5. Soldier Field, Chicago Bears
The Chicago Bears are one of the most storied franchises in the entire National Football League, dating all the way back to 1920. The franchise has won nine league championships in their 100-year history, and much of that has been done on the backs of winning games at home.
The Bears started playing at Soldier Field in 1971, and have played there every season except for 2002 when the entire interior of the structure was torn down and rebuilt — though they did keep the original exterior to the structure. Some feel the stadium is an eyesore, but for most football fans, it’s part of the hallowed grounds of NFL history.
“Every time I’ve covered a game there, it has been cold and miserable,” ESPN’s NFC South blogger Pat Yasinskas said of the Bears’ home. “Teams from the South hate that combination. Take the weather and throw in the legend of Halas, Butkus, Sayers and Payton, and that’s an intimidating place to play.”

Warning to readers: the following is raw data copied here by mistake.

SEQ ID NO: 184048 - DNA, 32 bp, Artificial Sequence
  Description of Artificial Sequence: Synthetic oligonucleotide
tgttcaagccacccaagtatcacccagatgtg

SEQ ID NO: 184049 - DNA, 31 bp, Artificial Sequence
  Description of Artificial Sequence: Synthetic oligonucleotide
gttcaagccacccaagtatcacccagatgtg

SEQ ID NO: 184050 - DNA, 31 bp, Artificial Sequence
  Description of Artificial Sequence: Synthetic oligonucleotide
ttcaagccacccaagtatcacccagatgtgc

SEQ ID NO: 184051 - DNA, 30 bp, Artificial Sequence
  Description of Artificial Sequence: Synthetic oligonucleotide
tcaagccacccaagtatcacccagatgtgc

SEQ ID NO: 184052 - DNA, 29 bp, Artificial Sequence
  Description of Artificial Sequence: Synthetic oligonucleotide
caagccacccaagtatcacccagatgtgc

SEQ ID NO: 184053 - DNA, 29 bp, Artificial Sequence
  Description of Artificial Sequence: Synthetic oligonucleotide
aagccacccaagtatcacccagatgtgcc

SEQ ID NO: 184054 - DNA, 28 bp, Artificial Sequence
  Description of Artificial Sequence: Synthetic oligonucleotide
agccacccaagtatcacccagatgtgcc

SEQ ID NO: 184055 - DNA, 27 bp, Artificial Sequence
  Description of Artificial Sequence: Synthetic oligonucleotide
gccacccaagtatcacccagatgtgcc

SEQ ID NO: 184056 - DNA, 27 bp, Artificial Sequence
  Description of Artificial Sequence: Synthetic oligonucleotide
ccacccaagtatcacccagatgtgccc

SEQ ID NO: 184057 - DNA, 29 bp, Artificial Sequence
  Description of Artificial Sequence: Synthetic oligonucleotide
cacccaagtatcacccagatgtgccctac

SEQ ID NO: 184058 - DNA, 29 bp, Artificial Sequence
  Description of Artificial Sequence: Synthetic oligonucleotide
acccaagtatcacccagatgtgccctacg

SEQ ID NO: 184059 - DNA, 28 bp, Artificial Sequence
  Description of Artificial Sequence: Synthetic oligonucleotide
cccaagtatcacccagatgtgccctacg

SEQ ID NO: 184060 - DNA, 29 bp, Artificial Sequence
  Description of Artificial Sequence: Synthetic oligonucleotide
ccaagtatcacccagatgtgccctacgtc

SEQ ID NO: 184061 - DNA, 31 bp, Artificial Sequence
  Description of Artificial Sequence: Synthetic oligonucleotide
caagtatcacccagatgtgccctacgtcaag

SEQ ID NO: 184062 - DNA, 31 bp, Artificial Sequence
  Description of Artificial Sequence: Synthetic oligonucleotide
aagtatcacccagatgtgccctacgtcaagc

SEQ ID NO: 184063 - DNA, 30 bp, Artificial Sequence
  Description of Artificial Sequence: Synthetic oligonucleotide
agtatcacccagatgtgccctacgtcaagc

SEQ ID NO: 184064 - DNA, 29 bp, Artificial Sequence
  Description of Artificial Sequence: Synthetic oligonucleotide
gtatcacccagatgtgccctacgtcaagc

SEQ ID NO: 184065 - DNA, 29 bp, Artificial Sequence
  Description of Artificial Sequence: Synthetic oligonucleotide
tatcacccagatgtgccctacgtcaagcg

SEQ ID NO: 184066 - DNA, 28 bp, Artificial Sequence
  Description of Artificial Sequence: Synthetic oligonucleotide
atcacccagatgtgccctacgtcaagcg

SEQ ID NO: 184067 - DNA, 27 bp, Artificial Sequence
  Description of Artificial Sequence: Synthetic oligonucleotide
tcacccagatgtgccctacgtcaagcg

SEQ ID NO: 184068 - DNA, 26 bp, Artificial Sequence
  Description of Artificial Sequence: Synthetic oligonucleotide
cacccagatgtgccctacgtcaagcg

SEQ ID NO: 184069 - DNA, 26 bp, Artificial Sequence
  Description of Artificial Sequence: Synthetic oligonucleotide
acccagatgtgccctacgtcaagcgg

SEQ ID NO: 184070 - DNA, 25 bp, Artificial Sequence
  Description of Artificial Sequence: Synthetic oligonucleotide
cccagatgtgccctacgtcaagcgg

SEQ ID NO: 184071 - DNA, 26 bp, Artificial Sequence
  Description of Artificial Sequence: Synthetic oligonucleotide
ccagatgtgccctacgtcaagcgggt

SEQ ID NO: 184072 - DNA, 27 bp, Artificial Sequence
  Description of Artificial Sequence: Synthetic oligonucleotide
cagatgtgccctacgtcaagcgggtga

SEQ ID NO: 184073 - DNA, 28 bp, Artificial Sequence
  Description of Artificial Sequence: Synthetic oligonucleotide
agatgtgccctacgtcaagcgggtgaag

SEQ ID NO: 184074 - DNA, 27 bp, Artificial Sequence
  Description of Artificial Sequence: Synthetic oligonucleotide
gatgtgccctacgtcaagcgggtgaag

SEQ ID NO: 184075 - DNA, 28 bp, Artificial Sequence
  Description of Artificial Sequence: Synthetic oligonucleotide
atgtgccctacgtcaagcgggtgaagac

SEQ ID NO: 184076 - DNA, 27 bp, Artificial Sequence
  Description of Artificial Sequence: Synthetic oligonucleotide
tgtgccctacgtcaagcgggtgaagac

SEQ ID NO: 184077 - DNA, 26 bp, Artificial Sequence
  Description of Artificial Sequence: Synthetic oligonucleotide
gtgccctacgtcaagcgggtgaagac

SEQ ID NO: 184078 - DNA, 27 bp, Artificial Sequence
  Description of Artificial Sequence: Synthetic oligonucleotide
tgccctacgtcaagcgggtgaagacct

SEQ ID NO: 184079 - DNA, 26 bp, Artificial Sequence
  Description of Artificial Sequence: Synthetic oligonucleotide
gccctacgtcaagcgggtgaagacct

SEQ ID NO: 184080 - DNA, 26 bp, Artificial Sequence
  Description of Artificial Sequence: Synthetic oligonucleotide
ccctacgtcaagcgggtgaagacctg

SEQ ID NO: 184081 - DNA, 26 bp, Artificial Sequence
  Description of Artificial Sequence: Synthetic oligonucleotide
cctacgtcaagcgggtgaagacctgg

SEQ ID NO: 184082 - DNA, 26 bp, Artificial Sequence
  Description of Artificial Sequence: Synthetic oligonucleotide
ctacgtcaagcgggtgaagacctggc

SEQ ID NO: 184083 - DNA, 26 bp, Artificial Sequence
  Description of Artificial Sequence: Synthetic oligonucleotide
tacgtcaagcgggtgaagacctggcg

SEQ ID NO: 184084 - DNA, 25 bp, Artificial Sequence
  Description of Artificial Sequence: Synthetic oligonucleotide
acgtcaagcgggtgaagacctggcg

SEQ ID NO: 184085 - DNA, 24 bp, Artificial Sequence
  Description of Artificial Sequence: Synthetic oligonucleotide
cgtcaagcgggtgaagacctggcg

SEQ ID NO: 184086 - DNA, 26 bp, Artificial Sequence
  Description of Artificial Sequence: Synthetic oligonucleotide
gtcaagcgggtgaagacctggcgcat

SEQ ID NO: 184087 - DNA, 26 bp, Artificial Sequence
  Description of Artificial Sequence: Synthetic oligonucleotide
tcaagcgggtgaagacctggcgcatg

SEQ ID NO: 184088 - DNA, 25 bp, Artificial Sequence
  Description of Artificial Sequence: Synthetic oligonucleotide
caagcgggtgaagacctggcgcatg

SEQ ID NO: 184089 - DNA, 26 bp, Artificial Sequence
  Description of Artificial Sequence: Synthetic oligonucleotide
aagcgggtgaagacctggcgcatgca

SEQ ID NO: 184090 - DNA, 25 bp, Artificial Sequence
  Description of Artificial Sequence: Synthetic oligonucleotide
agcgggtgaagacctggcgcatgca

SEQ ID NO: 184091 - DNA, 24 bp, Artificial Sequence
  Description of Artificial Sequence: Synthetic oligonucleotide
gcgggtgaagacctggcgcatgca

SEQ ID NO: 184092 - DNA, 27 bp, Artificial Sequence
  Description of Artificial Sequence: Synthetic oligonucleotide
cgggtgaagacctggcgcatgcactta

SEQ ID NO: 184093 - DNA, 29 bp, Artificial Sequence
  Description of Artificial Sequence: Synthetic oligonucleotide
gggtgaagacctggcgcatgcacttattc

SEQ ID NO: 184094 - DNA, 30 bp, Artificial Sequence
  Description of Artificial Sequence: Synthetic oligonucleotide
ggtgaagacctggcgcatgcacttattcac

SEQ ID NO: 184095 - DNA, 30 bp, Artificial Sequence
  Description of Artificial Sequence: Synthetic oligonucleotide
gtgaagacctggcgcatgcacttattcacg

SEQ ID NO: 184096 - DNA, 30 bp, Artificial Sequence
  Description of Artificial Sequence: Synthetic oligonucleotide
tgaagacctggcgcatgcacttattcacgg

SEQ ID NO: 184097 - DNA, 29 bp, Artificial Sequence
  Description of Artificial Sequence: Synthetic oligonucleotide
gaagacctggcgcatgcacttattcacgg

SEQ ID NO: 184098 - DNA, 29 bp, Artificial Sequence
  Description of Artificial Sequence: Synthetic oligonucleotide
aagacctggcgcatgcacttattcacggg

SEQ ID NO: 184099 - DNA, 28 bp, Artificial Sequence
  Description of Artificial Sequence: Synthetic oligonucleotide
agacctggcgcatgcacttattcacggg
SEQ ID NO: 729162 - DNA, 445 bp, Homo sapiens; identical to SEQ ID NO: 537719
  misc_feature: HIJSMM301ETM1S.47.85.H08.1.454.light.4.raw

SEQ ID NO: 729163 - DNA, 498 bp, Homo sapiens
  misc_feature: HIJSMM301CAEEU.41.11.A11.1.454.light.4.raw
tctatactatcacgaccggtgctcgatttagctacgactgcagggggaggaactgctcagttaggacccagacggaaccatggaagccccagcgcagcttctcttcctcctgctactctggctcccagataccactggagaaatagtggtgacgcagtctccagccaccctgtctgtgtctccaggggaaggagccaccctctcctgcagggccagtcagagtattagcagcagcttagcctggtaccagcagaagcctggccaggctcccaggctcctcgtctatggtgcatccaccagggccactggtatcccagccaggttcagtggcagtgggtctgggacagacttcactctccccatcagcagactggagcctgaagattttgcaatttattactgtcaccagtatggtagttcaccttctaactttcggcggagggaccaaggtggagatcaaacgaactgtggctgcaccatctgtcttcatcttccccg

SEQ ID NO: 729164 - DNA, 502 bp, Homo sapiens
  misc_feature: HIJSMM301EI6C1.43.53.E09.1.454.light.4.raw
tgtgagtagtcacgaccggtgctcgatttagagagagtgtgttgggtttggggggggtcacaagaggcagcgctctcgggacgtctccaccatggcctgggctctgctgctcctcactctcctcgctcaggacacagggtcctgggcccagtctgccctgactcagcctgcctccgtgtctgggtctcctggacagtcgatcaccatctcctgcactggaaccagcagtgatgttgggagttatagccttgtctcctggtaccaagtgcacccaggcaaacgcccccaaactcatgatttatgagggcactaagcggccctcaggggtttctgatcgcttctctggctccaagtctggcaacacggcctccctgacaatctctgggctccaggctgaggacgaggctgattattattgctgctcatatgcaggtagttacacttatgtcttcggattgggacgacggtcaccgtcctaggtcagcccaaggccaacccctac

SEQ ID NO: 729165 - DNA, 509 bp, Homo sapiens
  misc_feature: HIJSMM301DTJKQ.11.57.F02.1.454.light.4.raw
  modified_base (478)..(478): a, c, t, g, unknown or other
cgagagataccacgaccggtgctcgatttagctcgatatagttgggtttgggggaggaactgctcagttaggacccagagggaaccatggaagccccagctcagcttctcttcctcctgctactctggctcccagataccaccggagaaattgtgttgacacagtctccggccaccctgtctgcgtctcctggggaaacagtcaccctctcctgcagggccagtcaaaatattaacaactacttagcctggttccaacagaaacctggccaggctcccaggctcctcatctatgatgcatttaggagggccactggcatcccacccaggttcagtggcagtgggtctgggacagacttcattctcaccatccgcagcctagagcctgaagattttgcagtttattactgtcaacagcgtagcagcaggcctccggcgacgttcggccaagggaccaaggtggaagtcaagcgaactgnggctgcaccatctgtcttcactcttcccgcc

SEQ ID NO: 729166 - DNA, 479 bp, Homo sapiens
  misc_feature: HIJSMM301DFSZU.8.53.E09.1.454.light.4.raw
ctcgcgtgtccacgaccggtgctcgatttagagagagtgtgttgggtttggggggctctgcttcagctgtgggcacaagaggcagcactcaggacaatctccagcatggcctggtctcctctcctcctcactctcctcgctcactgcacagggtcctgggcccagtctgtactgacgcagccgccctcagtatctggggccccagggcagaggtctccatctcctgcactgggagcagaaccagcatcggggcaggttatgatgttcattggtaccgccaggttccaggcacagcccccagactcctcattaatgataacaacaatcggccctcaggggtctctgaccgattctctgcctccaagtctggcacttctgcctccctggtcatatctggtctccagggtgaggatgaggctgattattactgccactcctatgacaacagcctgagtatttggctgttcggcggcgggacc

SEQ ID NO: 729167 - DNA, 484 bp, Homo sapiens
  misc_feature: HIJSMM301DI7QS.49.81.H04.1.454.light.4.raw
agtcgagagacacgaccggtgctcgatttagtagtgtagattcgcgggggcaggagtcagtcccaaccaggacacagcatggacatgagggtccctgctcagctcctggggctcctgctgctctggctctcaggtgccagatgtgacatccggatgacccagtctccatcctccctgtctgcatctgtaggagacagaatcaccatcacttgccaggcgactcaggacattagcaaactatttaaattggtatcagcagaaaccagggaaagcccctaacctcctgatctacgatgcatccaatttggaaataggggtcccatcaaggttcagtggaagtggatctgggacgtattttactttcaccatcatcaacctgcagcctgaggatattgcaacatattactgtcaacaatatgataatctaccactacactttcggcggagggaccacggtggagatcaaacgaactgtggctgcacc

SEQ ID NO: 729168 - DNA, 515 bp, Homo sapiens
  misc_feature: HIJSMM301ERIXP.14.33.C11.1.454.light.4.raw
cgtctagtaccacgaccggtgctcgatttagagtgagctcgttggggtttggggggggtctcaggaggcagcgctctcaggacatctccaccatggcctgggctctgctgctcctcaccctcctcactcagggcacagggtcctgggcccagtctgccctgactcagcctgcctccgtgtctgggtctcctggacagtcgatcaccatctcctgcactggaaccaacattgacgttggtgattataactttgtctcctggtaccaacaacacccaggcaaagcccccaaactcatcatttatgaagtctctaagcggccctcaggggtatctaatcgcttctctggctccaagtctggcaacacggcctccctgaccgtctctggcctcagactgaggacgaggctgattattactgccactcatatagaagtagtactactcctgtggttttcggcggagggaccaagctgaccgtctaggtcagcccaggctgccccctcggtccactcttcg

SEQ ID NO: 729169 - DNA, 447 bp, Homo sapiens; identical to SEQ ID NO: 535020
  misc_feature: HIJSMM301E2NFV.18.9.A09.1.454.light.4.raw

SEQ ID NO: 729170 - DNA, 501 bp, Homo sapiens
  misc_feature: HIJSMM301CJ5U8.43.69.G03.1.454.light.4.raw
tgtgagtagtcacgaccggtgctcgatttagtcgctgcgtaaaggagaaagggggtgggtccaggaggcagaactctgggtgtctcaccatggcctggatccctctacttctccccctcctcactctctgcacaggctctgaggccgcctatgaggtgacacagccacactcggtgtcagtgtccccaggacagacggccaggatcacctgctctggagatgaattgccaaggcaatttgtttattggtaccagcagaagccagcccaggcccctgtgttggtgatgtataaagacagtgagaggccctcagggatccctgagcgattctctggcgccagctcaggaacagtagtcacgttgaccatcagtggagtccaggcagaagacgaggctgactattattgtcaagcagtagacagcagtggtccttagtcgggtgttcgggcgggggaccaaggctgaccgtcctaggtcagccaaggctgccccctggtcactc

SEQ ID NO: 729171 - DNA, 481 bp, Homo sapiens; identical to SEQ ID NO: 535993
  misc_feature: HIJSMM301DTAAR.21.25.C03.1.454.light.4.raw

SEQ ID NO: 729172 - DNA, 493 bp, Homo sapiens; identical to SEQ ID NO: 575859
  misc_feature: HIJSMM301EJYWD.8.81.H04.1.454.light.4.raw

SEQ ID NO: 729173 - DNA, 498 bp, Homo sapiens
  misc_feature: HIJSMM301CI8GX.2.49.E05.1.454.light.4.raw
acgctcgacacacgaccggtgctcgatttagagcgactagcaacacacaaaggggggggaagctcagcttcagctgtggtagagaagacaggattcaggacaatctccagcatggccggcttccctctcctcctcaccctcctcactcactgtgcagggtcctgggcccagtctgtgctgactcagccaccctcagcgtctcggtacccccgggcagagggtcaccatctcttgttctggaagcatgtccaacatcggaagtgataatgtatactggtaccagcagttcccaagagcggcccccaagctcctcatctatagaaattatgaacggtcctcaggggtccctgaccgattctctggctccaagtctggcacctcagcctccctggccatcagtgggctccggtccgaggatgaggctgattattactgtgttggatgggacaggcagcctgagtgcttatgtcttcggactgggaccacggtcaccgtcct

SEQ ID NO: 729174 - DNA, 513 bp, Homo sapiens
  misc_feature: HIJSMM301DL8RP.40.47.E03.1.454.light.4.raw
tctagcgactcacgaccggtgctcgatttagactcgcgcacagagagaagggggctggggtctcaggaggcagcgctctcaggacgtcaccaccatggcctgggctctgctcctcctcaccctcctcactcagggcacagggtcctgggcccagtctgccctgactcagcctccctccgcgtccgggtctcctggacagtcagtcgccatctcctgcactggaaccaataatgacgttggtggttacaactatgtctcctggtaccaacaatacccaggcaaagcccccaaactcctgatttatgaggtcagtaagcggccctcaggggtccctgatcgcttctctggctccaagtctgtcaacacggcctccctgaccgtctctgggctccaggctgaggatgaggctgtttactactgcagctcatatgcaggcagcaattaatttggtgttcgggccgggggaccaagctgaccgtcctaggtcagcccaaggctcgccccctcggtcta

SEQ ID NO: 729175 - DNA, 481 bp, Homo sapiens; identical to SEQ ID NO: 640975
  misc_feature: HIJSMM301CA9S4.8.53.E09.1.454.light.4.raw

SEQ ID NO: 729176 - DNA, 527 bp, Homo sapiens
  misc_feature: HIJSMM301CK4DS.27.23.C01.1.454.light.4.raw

The home-field advantage, like anywhere else, starts with the fans. Bears fans are aggressively passionate about their franchise, and they’ll hoop-and-holler as much as they can to propel their team to victory.
But, the stadium’s advantages far exceed merely the fanbase. For starters, the weather is a nightmare. If it’s not raining or snowing in Chicago, just wait a minute. But, also know that the wind is likely to demonstrate to you, consistently, how the city came to be known as “The Windy City”.
Whether the team is competing for the Super Bowl, or in the mix for the top of the draft, Soldier Field is a tough place to play.